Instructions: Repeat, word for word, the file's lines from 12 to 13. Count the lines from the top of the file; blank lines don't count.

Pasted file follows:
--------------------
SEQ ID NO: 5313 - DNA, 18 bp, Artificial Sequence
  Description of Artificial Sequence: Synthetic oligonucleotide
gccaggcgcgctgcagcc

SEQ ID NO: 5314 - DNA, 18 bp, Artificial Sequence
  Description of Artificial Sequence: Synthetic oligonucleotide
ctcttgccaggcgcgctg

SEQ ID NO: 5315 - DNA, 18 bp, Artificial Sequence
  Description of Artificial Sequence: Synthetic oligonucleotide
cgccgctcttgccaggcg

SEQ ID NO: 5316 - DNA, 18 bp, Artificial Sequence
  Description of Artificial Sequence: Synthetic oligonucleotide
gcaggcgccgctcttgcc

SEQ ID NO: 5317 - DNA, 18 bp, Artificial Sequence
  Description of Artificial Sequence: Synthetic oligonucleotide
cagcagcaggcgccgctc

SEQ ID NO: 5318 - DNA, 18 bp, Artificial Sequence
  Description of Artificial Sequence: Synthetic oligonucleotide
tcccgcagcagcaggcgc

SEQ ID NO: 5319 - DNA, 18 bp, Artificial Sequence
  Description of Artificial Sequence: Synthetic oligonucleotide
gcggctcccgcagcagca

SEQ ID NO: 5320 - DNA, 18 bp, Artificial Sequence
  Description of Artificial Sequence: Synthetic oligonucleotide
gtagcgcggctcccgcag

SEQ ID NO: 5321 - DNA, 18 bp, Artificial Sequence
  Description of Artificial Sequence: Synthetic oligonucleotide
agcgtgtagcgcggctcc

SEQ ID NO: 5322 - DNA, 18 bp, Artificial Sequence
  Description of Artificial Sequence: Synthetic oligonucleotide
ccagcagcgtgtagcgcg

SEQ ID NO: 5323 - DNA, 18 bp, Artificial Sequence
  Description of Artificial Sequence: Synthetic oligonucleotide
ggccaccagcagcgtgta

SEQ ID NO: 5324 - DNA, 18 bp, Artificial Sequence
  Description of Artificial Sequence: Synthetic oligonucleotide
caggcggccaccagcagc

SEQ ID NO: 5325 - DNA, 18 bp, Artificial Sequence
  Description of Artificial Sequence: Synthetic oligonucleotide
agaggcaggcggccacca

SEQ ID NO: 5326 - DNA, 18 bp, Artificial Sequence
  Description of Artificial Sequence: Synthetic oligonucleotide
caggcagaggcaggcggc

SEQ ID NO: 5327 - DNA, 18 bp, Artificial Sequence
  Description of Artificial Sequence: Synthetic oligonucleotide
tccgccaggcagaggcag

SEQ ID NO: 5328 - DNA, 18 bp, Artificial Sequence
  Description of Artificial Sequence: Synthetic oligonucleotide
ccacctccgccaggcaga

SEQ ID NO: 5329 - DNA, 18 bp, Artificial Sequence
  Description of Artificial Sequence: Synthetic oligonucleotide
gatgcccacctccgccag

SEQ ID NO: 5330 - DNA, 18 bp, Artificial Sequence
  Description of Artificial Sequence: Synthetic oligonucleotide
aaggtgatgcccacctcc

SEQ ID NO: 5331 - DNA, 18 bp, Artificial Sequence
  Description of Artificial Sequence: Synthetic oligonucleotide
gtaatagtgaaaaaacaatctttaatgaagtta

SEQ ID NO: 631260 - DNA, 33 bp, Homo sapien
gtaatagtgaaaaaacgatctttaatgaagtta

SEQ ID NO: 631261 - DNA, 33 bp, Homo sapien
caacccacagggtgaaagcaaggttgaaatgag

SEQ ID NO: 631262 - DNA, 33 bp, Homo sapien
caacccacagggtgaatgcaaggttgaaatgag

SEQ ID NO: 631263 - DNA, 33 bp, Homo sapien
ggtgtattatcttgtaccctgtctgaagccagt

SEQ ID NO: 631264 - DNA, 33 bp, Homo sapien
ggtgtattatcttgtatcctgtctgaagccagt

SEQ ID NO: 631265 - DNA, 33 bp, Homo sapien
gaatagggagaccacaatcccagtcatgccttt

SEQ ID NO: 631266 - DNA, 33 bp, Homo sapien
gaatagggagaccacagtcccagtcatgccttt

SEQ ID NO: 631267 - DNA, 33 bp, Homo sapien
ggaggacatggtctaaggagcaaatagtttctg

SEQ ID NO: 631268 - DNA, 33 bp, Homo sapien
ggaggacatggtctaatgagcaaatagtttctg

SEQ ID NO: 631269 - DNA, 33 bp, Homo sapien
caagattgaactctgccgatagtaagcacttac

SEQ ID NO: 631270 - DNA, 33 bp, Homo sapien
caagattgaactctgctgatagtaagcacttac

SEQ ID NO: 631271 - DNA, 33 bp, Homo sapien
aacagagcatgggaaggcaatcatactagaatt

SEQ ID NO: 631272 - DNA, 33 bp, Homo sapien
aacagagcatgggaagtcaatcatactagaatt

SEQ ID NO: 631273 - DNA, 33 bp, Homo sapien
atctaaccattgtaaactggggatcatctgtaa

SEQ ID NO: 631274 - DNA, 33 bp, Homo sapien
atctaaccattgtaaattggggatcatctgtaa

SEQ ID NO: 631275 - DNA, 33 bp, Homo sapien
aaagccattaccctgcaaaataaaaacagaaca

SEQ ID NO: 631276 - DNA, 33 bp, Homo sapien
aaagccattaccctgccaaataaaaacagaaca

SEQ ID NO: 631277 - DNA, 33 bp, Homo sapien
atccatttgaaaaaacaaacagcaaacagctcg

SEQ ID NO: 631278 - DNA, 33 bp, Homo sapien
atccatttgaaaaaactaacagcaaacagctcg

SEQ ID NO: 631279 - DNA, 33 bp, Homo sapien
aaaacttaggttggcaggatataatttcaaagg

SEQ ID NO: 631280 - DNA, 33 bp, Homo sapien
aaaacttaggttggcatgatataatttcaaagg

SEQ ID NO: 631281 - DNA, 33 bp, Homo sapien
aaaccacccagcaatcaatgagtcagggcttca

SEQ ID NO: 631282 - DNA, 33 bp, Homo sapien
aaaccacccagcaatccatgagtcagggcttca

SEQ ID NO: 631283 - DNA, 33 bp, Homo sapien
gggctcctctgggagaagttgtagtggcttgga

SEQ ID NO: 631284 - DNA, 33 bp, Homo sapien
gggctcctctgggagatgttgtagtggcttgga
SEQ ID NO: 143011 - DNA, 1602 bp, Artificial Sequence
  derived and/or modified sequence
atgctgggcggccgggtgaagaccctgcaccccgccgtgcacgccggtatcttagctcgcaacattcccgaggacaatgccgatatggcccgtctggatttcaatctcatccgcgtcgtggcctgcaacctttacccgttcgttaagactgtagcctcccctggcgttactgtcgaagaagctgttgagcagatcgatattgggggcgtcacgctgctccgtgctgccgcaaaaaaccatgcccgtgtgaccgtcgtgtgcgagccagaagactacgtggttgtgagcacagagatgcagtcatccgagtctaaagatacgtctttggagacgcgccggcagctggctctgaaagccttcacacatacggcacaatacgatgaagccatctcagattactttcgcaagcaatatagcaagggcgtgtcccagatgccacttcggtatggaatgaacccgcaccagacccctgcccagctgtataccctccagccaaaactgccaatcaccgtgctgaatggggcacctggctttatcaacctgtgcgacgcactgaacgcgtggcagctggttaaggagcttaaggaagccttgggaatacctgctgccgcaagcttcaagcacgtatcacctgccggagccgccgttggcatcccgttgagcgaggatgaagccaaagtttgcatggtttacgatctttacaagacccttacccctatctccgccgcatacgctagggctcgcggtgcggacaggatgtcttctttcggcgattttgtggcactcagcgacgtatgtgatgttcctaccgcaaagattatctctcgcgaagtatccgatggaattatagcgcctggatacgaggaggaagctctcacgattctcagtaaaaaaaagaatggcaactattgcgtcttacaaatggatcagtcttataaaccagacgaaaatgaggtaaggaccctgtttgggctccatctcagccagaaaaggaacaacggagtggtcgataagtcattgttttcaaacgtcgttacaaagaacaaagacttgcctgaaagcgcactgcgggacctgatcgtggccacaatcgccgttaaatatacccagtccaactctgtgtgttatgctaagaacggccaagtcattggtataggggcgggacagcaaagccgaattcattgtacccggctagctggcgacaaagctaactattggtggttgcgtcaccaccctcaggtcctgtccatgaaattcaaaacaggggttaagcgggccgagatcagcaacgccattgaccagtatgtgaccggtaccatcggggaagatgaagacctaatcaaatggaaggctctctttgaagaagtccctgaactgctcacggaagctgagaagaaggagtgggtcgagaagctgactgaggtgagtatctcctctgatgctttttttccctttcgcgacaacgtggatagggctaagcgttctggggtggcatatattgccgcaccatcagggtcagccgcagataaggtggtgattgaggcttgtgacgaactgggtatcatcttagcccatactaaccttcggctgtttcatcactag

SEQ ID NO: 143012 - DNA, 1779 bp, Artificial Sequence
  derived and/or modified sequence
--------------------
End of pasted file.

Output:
gcaggcgccgctcttgcc

SEQ ID NO: 5317 - DNA, 18 bp, Artificial Sequence